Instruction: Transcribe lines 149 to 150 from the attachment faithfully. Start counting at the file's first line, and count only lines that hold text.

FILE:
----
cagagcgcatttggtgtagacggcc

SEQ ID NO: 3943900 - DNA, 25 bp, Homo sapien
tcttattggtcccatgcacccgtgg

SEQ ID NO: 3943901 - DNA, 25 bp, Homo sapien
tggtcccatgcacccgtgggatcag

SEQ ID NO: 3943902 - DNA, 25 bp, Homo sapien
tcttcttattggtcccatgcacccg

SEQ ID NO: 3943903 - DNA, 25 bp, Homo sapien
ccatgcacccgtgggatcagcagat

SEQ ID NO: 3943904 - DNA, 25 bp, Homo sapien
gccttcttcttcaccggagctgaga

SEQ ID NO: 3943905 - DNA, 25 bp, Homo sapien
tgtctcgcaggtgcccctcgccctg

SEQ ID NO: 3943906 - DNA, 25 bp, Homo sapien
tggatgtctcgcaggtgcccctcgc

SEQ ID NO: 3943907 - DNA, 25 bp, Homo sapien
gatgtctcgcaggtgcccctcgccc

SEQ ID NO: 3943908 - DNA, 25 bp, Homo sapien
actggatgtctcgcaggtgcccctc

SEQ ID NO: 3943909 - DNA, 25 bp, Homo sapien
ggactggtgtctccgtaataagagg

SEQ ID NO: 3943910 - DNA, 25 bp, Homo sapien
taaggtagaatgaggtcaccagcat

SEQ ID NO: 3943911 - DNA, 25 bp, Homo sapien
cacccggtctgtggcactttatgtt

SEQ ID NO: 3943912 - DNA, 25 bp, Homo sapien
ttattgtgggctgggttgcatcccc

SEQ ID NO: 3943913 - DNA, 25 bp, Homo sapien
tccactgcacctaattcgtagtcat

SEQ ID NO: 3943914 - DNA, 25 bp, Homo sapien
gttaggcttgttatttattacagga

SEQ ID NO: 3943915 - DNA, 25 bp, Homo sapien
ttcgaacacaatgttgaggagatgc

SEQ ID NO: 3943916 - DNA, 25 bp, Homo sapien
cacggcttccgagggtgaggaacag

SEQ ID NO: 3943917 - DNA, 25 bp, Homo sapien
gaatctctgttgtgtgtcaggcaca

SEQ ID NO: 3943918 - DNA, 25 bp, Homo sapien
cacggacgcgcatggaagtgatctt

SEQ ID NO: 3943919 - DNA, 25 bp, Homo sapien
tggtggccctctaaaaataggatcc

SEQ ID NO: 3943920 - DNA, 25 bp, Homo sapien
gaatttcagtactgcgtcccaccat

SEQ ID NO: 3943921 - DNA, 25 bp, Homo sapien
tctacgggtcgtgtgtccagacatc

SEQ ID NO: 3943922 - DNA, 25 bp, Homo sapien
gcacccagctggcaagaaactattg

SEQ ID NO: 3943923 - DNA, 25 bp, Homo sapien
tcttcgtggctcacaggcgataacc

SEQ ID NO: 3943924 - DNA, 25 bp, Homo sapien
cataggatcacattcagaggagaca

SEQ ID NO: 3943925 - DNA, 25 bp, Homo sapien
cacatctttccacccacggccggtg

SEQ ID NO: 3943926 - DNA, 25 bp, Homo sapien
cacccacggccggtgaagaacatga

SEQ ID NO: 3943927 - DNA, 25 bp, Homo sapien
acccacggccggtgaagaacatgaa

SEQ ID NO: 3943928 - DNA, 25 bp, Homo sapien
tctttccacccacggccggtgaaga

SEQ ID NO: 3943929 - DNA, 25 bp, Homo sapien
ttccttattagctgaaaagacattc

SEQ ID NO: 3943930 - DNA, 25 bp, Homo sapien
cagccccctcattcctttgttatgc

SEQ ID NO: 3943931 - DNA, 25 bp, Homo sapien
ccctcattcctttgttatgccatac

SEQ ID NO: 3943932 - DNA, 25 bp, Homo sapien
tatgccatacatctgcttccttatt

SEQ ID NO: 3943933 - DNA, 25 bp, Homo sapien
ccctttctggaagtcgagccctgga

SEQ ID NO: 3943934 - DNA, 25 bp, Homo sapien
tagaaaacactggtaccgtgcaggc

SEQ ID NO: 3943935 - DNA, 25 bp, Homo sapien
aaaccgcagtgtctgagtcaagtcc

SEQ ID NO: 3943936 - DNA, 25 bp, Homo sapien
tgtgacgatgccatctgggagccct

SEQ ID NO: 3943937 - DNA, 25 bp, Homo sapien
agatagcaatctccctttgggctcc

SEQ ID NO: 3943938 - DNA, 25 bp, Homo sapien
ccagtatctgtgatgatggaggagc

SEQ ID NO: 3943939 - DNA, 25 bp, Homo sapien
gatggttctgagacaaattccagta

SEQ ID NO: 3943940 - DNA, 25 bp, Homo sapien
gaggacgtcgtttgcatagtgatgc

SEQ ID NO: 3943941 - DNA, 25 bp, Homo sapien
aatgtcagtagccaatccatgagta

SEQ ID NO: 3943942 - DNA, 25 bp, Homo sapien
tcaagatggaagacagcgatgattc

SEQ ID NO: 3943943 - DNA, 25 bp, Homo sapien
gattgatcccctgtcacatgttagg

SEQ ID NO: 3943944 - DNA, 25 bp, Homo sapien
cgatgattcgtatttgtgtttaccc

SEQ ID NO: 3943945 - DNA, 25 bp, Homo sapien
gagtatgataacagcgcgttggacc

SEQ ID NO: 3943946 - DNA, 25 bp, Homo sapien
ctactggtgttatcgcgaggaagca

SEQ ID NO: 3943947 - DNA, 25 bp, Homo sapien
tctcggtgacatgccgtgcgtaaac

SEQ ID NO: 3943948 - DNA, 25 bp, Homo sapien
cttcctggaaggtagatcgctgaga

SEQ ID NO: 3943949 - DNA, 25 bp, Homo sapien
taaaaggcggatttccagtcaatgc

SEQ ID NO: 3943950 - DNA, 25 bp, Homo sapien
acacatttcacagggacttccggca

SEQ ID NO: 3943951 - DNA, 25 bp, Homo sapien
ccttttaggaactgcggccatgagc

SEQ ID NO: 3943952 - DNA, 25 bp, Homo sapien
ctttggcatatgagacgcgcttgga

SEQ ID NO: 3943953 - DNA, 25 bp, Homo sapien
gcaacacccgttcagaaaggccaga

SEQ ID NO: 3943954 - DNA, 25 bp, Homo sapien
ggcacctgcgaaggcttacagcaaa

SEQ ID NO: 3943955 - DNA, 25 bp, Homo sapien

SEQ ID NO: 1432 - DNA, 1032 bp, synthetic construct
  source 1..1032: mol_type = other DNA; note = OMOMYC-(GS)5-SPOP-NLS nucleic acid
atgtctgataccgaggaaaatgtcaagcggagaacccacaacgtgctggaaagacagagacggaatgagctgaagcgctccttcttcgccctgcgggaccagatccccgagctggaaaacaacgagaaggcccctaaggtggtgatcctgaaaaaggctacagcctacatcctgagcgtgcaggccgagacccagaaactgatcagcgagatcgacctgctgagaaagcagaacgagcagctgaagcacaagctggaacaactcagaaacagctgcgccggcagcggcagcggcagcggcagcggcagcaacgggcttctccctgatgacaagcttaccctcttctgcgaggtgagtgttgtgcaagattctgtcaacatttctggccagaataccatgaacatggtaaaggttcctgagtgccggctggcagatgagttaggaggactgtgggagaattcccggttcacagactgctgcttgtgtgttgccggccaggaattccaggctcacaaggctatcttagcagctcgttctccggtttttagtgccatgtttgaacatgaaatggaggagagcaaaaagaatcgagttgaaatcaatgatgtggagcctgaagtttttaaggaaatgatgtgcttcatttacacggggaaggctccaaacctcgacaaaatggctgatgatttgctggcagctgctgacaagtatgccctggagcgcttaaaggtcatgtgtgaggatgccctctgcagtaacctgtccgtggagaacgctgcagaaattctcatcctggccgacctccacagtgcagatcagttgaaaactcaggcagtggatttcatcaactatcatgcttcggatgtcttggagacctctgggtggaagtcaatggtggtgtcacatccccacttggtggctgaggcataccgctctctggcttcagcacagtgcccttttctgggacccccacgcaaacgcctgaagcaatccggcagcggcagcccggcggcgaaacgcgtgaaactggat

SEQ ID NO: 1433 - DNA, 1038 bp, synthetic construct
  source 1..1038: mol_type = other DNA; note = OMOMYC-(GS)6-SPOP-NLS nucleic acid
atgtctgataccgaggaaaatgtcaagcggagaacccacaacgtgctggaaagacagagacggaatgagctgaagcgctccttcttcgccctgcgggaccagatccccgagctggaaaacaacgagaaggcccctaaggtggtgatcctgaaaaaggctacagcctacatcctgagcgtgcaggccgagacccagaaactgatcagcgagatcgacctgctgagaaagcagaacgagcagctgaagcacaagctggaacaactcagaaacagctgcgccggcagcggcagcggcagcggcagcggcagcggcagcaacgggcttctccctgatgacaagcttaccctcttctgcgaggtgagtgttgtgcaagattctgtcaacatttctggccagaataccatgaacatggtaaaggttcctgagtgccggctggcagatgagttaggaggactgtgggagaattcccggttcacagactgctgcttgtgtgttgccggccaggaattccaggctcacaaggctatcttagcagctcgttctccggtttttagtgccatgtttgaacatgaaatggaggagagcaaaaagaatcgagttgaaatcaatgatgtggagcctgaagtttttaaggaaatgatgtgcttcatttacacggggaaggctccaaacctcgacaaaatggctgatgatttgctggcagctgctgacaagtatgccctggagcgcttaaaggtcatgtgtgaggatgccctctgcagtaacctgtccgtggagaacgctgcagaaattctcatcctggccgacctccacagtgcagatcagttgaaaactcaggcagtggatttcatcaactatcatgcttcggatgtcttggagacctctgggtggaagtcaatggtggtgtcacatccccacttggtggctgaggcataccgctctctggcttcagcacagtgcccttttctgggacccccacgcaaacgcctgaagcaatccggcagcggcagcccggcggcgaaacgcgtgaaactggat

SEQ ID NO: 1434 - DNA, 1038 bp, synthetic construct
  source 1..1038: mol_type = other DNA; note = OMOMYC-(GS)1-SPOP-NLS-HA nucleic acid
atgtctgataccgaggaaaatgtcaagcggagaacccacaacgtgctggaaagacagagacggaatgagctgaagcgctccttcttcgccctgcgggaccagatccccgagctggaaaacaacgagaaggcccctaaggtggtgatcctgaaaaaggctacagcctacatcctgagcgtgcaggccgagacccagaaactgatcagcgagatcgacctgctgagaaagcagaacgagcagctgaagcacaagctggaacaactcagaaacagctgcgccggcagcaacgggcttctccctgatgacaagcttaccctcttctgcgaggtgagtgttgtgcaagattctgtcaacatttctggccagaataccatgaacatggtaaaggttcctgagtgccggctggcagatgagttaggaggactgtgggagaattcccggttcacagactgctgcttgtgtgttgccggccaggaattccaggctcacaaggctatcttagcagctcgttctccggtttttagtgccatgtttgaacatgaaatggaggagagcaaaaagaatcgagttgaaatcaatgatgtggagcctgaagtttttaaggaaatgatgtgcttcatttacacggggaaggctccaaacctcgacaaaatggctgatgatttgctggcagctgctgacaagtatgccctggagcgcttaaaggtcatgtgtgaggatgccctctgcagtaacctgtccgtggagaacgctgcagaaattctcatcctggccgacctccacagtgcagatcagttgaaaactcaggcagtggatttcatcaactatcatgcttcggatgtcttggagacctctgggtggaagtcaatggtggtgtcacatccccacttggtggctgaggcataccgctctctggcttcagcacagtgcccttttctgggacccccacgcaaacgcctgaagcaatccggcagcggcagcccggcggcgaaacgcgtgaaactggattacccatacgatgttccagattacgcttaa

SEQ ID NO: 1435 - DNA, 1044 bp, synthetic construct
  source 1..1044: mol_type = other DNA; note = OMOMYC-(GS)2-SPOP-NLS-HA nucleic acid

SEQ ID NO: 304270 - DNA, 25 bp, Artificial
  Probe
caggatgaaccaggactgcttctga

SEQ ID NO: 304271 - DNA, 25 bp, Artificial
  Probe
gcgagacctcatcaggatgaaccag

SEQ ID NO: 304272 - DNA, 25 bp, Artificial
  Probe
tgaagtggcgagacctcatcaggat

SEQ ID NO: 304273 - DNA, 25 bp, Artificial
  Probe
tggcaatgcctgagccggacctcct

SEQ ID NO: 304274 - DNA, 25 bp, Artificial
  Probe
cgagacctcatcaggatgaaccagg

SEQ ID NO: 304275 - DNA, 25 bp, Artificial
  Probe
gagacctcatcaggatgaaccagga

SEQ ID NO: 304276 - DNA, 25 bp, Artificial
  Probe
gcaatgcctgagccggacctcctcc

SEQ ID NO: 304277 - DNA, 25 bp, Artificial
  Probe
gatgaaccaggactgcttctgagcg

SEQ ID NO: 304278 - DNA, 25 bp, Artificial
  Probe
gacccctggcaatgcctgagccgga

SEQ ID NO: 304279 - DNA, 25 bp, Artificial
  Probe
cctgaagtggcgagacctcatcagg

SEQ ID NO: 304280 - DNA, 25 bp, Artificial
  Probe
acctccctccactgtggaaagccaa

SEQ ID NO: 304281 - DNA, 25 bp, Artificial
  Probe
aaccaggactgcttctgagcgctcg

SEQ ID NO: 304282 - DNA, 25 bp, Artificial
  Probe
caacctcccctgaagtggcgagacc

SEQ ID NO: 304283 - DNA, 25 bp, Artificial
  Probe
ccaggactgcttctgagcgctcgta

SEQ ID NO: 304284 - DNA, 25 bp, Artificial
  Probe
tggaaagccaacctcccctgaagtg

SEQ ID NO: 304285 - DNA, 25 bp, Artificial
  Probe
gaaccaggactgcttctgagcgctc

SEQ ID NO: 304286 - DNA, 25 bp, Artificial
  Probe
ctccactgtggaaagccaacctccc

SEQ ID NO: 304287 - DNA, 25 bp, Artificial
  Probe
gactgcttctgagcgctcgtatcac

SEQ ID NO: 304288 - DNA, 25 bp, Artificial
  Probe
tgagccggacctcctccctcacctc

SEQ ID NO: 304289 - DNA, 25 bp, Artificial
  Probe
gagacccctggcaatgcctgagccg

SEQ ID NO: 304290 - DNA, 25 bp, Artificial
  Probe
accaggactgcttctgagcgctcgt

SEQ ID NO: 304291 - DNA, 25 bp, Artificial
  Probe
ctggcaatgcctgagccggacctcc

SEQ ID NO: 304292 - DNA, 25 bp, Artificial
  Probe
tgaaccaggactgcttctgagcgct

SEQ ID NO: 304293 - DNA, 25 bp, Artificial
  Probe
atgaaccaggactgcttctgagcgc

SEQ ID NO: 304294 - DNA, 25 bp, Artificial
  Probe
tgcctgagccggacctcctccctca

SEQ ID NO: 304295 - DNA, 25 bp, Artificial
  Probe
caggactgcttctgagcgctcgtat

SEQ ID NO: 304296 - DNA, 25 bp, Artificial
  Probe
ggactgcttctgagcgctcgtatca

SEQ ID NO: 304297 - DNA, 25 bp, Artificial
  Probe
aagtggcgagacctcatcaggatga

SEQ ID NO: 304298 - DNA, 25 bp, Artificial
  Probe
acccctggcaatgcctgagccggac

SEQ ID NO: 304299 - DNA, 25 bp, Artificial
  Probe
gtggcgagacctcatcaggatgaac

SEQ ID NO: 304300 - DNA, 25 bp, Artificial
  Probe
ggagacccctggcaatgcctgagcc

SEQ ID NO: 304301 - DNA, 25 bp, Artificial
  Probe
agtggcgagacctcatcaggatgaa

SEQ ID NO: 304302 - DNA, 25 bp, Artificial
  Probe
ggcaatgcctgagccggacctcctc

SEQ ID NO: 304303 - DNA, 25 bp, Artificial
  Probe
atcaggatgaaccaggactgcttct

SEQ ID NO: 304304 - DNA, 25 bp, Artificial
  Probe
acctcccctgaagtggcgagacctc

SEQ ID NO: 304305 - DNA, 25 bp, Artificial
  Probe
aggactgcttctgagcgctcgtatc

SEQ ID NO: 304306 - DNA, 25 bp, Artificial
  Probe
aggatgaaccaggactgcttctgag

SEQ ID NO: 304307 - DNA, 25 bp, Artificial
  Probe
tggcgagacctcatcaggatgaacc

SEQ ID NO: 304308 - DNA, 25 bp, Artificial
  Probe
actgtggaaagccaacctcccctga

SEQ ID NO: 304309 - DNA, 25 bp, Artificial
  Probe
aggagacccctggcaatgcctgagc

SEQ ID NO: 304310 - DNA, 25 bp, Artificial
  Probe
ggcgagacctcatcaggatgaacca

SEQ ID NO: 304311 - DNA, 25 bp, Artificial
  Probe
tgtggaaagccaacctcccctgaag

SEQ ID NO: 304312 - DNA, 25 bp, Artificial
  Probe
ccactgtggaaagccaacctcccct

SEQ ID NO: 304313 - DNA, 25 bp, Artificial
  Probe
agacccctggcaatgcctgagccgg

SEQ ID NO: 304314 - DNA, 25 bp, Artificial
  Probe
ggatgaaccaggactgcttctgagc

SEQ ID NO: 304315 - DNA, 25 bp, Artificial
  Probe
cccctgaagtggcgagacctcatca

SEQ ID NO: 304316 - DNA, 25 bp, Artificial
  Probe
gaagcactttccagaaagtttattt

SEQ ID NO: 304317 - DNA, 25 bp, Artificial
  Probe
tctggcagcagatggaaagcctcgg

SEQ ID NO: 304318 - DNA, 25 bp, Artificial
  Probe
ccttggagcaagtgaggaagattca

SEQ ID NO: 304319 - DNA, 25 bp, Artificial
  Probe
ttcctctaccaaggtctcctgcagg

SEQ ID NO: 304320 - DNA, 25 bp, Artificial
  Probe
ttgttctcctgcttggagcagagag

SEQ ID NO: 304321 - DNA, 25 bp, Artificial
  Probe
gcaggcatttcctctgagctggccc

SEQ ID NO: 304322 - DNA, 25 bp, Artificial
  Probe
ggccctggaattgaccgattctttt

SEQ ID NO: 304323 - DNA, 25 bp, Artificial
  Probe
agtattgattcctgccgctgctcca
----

  Probe
gacccctggcaatgcctgagccgga